I appreciate it when famous people talk about recovery. The stigma still exists in today’s society. As much work as we have done to prove that addiction is a brain disease, people are still ashamed to admit they have the disease. Evidence supports what Ms. Curtis said about changing the prevalence of addiction in her family. When one person gets into recovery it has an impact on others in the family. Thank you Ms. Curtis for “coming out.”
“Admitting that you have a problem and may need alcohol or drug rehab treatment is very difficult for most people. It’s hard enough to admit it to yourself – and even harder to let others know you need help. But, unless you take that courageous first step, you’ll continue down a path of self-destruction that may have dire consequences for yourself – as well as for those you love.” –Elements Behavioral Health
Chances are if you are asking yourself the question you may have a problem. It is important to have an accurate assessment of your alcohol and drug use in order to determine if some sort of substance abuse treatment is indicated. The first step in addiction recovery is the hardest to take. If you think you or a loved one is abusing alcohol or drugs please give as a call we can help you determine what kind of help would be best. -Debbie Bayer, BHH
Family members need to realize that they did not cause the addiction. They also need to allow professionals to help the addict. Alcoholism and Drug addiction is a brain based disease. If your family member was doing crazy things that seemed out of character and was causing chaos in your home, you would take them to the Doctor to find out what was wrong.
With addiction we tend to enable by covering it up, or not allowing the addict to suffer the consequences of the addiction related behaviors. Many times pain is the only thing that can get the addicts’ attention.
http://www.drugrehab.us/news/how-substance-abuse-changes-the-brains-basic-thought-processes/ It is important to understand that addiction is a problem with brain functioning. Addict/Alcoholic’s do terrible things but the are almost never terrible people. Once the person gets off the drugs and in recovery you start to see the real person emerge. It takes several months for the brain to heal. The addicted individual needs to be actively involved in some sort of treatment, sober support, or 12-step program.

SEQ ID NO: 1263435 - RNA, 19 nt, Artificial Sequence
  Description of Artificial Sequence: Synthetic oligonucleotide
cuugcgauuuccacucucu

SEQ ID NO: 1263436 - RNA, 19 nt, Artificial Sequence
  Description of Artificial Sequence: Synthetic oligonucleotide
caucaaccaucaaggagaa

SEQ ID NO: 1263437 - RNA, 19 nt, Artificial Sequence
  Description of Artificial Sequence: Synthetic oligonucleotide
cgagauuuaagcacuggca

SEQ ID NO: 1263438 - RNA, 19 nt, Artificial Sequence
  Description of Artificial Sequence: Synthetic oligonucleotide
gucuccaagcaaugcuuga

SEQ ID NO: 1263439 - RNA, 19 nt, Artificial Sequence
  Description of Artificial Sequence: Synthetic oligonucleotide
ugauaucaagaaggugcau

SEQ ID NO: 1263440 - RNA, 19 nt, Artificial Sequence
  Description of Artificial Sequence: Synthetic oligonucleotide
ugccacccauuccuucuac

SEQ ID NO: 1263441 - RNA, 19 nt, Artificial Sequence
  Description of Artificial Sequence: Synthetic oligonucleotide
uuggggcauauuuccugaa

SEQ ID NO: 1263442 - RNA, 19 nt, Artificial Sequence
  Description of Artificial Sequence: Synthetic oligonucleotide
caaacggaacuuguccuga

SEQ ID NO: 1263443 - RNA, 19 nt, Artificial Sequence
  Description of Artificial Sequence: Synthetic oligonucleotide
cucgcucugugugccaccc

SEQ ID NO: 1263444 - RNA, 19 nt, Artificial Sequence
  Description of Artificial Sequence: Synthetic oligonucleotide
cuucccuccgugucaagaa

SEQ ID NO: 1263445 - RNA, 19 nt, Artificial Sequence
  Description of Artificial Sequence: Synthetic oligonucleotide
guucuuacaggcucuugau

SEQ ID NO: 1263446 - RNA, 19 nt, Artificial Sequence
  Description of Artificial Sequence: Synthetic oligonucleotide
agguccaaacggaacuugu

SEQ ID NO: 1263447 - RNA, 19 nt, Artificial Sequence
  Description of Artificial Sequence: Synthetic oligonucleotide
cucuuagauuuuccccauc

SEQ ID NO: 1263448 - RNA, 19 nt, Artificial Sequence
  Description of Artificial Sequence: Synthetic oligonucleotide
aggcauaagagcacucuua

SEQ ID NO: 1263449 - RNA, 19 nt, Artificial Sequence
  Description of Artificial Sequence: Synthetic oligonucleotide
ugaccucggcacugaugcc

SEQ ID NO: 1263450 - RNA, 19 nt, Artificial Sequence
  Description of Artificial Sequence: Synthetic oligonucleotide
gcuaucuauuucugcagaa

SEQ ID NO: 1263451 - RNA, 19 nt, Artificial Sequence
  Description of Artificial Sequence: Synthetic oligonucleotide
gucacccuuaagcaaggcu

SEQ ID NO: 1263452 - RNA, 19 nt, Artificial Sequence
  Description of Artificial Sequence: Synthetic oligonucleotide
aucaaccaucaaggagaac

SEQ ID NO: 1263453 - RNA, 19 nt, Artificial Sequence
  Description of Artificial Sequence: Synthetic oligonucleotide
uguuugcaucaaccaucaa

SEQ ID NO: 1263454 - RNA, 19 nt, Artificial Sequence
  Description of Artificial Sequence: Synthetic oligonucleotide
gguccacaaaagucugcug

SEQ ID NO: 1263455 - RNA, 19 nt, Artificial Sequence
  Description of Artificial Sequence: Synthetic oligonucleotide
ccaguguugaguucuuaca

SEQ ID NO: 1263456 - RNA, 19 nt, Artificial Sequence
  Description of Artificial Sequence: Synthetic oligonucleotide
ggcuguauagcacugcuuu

Christopher Lawford (nephew of John F. Kennedy) is a Maui resident and willing to help our community raise awareness about the stigma attached to addiction, and to educate this community about what works and what does not work when dealing with addiction. In his book he talks about families educating themselves about enabling behaviors and how to break the cycle in the family. To quote ” You can throw them a rope but don’t go in the water,” is a great way to tell families they can help their loved ones only if they help themselves. Debbie Bayer is a licensed family therapist and addictions specialist, she has over 30 years of personal recovery from addiction. She lost her Mother to alcoholism in 1988. Debbie understands the disease of addiction both from the perspective of the addict/alcoholic but also from that of the family members.
“Addiction is a bloody gruesome little fellow huh? He comes in and takes over lives and ruins dreams. Alcoholism is a disease. When I first was getting sober and they told me that alcoholism and drug addiction was a disease I did not agree. They wanted to compare it to cancer and how people should feel sorry for us addicts. I thought to myself, “I wish I would have known this growing up I could have gotten my parents off my back!” I could only image using that excuse when they were pointing flash lights at my eyes to check the size of my pupils.”
Betty Ford‘s children’s program is hands down the best in the country. They offer scholarship’s and try not to turn any child away. Children are the collateral damage of addiction. They need just as much help and support as the addict.
During a recent trip to the doctor, the nurse asked me how much I drink weekly. Before I was able to get the answer out, she quickly said, ‘it’s okay, we don’t have to deal with that question.’ She was clearly very uncomfortable asking that question. Doctors are trying to treat your present issue and if it isn’t directly related to alcohol, an abuse problem will probably be missed.
Alcoholism is a major cause of death in the United States. Don’t depend on your Dr. to assess your drinking patterns. Talk to a professional.
Yahoo! reported last week, “The tragic tale of Amy Winehouse has not been laid to rest, as new details of her death scene were revealed this week. A London coroner’s court was told on Tuesday that the 27-year-old Grammy winner spent her last night drinking alone and watching videos of herself on YouTube.”
Addiction is a lonely disease Amy was loved by many but the disease kept her from feeling the love. What a tragedy.